In the market in Silao, Mexico, the very geographic center of Mexico, ten miles south of the the city of Guanajuato in the State of Guanajuato, the semilleros (seed shops) sell black eyed peas (Vigna unguicalata) along with all the usual Mexican beans. They call them veronicas.

You can see them in the sack at the back.  When you ask the vendors how they cook them, they indicate that they “guisar” them, that is they put them in stews as they would habas or garbanzos.  They do not eat them alone and simply boiled as they would the huge variety of Mexican beans.  This makes sense because all three are Old World not New World legumes.  It’s a boon to me because my husband loves black-eyed peas and I can nip down and get a supply from time to time.


But this leaves the bigger puzzle. To see black eyed peas in Mexico is, to put it mildly, odd.  You simply don’t run across blackeyed peas in markets in Central Mexico.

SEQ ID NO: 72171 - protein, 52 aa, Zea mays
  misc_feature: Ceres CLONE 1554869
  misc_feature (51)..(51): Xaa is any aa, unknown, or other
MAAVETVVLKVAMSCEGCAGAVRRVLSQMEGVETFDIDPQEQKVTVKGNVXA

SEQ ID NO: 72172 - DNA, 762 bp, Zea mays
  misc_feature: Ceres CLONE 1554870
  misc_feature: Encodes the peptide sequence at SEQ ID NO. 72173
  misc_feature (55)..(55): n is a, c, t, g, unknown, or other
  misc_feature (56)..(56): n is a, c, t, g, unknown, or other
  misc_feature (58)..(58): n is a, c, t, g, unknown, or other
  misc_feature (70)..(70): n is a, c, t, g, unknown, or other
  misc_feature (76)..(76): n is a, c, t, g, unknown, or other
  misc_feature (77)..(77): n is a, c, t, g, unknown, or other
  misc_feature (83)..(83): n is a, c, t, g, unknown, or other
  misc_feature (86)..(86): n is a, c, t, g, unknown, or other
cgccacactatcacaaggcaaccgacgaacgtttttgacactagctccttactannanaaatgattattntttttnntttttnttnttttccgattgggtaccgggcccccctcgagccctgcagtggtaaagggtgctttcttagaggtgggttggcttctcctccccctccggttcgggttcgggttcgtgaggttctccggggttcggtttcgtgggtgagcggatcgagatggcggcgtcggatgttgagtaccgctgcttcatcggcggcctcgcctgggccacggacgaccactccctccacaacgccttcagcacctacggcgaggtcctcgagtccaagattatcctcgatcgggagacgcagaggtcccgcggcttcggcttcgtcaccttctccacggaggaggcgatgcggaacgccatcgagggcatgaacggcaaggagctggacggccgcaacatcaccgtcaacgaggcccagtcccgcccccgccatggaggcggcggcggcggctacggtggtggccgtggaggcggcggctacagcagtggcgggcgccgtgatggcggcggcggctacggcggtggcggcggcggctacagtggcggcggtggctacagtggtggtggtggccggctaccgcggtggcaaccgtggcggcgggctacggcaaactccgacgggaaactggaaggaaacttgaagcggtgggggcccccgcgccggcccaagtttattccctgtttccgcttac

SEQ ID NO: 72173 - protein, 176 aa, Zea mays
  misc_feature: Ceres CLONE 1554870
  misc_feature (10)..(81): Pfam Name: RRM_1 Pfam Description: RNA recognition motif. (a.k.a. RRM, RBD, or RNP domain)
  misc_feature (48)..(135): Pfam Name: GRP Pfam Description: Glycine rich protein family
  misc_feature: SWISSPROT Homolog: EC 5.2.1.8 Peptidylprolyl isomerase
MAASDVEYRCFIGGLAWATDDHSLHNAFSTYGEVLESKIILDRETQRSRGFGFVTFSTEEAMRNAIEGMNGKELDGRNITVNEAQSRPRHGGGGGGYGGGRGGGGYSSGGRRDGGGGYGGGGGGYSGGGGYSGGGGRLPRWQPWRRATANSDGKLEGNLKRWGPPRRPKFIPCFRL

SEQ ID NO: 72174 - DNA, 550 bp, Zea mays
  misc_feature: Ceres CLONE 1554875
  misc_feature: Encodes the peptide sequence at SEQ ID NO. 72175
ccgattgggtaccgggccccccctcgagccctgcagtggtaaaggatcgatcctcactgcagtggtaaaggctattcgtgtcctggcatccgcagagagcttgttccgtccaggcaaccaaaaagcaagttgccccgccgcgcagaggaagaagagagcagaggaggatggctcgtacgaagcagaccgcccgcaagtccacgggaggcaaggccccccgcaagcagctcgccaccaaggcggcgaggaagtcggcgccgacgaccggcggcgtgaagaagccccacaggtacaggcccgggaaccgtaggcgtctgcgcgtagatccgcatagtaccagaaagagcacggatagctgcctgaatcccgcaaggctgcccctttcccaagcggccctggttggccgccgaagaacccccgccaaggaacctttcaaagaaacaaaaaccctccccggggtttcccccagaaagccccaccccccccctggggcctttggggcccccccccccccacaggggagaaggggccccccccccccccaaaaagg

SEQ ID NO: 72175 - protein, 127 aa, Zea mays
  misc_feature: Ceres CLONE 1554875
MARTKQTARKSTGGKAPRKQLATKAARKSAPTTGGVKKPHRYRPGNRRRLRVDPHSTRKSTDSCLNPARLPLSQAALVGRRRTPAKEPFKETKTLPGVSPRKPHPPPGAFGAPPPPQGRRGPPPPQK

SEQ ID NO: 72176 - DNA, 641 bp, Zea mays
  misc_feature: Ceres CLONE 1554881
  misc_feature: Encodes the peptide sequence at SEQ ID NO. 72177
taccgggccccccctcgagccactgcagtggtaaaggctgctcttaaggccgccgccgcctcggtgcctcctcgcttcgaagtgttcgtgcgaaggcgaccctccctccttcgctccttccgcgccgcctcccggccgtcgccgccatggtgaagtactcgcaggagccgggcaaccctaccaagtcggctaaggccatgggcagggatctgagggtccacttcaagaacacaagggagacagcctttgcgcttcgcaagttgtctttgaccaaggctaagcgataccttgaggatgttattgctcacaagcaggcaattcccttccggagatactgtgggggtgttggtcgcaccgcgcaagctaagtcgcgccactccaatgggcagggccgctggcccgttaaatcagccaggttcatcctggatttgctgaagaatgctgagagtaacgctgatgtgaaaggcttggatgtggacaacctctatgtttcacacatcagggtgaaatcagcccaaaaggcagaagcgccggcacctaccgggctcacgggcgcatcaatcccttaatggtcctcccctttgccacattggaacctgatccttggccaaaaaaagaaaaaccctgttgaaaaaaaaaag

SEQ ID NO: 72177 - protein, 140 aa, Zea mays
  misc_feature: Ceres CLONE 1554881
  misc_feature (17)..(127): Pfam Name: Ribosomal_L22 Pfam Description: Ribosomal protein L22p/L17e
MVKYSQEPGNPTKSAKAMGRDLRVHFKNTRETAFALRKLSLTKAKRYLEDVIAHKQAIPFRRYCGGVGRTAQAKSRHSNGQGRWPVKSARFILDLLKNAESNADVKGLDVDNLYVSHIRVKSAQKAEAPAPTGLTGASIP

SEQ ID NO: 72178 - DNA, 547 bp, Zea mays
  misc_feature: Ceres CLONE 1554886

But the hypothesis that I have to consider is that these are a legacy of the African heritage in Guanajuato.  As I’m sure all readers know, blackeyed peas have been closely associated with African cooking.

And in the sixteenth century–yes, that early–Guanajuato had a substantial African population that was described as hailing being Angolan, Congan, Biafran, Biafaran, Baran and Araran, that is from the River Niger basin and Angola.  They were mainly slaves though cross-marriage, particularly with indigenous, began almost immediately.

Guanajuato in the sixteenth century was an immigrant community with no large settled indigenous community.  Apart from Africans, it consisted of Spaniards, particularly Basques and Castellanos, migrant indigenous particularly nahuas, michoacanos, otomis, and chichimecas, Portuguese (possibly crypto jews), and French.

According to a document that appears to date from the 1580s, in the mining area of Guanajuato there were 400 Spanish, 500 horses, 800 slaves (presumably African) and 800 mules.

Silao was where the runaway slaves took refuge, seeking out broken country to the south of the town.

If there’s anything to this, it suggests that looking for traces of African foods in Mexico is going to be a case of looking for tiny little clues.

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